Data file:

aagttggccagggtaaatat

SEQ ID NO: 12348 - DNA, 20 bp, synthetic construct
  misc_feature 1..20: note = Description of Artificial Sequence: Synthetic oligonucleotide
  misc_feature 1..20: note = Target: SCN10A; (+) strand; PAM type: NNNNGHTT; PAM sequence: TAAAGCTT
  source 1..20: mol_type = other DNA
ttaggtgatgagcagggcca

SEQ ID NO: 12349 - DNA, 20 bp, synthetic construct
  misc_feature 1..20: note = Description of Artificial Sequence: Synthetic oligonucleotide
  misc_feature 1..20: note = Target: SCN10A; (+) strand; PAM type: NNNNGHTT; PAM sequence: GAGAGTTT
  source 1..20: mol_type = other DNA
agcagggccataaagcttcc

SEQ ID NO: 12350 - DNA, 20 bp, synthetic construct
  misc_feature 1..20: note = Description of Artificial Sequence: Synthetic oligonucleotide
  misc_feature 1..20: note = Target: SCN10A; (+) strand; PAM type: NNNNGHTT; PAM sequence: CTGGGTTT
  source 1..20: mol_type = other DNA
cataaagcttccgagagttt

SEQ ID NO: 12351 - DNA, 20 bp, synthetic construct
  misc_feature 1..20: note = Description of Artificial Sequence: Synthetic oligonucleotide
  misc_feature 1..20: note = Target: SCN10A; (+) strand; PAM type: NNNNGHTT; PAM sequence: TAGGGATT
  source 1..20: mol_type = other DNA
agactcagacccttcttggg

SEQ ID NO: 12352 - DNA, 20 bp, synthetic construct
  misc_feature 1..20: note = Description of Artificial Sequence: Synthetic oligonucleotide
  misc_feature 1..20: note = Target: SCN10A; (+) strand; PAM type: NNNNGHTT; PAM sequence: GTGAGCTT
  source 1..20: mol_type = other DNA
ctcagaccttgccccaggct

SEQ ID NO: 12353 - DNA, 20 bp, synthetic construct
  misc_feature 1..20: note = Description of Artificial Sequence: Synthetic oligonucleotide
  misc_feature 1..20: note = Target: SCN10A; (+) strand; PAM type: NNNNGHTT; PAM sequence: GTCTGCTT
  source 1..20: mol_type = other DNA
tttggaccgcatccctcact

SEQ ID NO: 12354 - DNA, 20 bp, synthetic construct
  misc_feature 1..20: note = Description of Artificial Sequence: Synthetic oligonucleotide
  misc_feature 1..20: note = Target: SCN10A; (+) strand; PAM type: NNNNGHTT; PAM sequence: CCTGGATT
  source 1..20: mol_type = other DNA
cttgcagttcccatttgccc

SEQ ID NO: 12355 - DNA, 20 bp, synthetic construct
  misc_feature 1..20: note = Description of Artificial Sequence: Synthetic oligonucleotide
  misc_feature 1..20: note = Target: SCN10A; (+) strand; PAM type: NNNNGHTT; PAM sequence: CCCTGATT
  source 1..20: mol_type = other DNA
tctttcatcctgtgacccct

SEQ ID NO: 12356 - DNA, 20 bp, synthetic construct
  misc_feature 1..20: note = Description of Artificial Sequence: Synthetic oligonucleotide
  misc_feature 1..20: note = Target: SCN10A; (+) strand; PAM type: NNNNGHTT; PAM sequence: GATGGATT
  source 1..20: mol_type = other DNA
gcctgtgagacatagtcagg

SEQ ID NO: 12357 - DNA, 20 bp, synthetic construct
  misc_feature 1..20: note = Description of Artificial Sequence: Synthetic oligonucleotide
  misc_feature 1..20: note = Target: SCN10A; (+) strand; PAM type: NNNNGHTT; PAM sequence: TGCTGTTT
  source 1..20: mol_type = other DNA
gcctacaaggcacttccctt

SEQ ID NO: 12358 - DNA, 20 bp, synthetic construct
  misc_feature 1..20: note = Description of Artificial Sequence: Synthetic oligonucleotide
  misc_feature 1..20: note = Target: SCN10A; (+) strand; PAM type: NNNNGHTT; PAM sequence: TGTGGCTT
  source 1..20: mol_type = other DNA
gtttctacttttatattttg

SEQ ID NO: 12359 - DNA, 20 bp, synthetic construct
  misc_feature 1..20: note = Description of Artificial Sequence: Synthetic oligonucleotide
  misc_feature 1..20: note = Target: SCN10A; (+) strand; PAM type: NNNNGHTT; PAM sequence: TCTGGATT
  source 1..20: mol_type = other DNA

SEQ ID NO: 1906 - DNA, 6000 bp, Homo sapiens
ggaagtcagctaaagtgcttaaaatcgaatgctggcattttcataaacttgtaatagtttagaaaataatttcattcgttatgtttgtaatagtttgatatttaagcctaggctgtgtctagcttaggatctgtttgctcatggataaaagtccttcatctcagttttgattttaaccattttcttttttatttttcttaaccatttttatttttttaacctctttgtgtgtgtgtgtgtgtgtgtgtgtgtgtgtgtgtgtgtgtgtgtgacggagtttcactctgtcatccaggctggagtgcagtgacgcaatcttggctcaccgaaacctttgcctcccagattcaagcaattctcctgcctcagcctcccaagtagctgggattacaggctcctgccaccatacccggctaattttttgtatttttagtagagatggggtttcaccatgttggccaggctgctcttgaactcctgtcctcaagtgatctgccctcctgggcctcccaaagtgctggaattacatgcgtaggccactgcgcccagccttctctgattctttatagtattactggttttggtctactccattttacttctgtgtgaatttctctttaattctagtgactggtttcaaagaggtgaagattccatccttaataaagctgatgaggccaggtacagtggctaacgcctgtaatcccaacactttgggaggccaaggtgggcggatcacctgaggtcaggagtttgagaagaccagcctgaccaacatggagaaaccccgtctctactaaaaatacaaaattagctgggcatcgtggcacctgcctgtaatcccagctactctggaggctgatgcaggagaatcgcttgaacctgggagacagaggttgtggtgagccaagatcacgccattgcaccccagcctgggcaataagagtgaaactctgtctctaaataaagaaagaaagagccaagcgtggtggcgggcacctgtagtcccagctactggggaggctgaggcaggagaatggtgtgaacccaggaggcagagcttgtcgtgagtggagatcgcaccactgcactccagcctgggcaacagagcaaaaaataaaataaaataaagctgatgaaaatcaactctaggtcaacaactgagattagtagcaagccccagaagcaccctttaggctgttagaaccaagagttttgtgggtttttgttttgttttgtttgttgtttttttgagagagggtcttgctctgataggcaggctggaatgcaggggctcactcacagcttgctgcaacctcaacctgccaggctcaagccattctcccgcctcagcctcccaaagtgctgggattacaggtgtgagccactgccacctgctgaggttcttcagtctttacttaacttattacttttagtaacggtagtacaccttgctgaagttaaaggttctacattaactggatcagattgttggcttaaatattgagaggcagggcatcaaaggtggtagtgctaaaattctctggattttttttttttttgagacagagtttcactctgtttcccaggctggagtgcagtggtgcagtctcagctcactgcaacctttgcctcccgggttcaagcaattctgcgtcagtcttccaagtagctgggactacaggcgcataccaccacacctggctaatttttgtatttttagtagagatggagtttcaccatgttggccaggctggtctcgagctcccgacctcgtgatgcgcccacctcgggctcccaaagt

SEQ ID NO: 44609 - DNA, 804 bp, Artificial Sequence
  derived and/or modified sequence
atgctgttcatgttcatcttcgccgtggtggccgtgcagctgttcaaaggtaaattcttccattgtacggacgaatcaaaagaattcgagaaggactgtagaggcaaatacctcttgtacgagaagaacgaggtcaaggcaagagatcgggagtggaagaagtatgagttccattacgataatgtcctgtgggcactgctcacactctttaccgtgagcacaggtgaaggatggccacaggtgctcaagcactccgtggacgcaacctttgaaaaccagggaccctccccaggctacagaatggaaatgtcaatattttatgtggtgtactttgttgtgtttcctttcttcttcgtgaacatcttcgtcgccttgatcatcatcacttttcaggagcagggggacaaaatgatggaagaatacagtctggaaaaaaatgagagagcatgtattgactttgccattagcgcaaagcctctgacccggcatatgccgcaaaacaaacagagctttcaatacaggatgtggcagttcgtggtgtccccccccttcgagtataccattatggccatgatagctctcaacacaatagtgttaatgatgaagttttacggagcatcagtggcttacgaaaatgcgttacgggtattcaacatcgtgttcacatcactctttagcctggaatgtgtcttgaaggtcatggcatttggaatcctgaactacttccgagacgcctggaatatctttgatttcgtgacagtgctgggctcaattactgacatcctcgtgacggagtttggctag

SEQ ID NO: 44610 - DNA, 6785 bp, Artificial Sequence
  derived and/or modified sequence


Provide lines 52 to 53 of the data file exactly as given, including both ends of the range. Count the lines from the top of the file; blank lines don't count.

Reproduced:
SEQ ID NO: 12358 - DNA, 20 bp, synthetic construct
  misc_feature 1..20: note = Description of Artificial Sequence: Synthetic oligonucleotide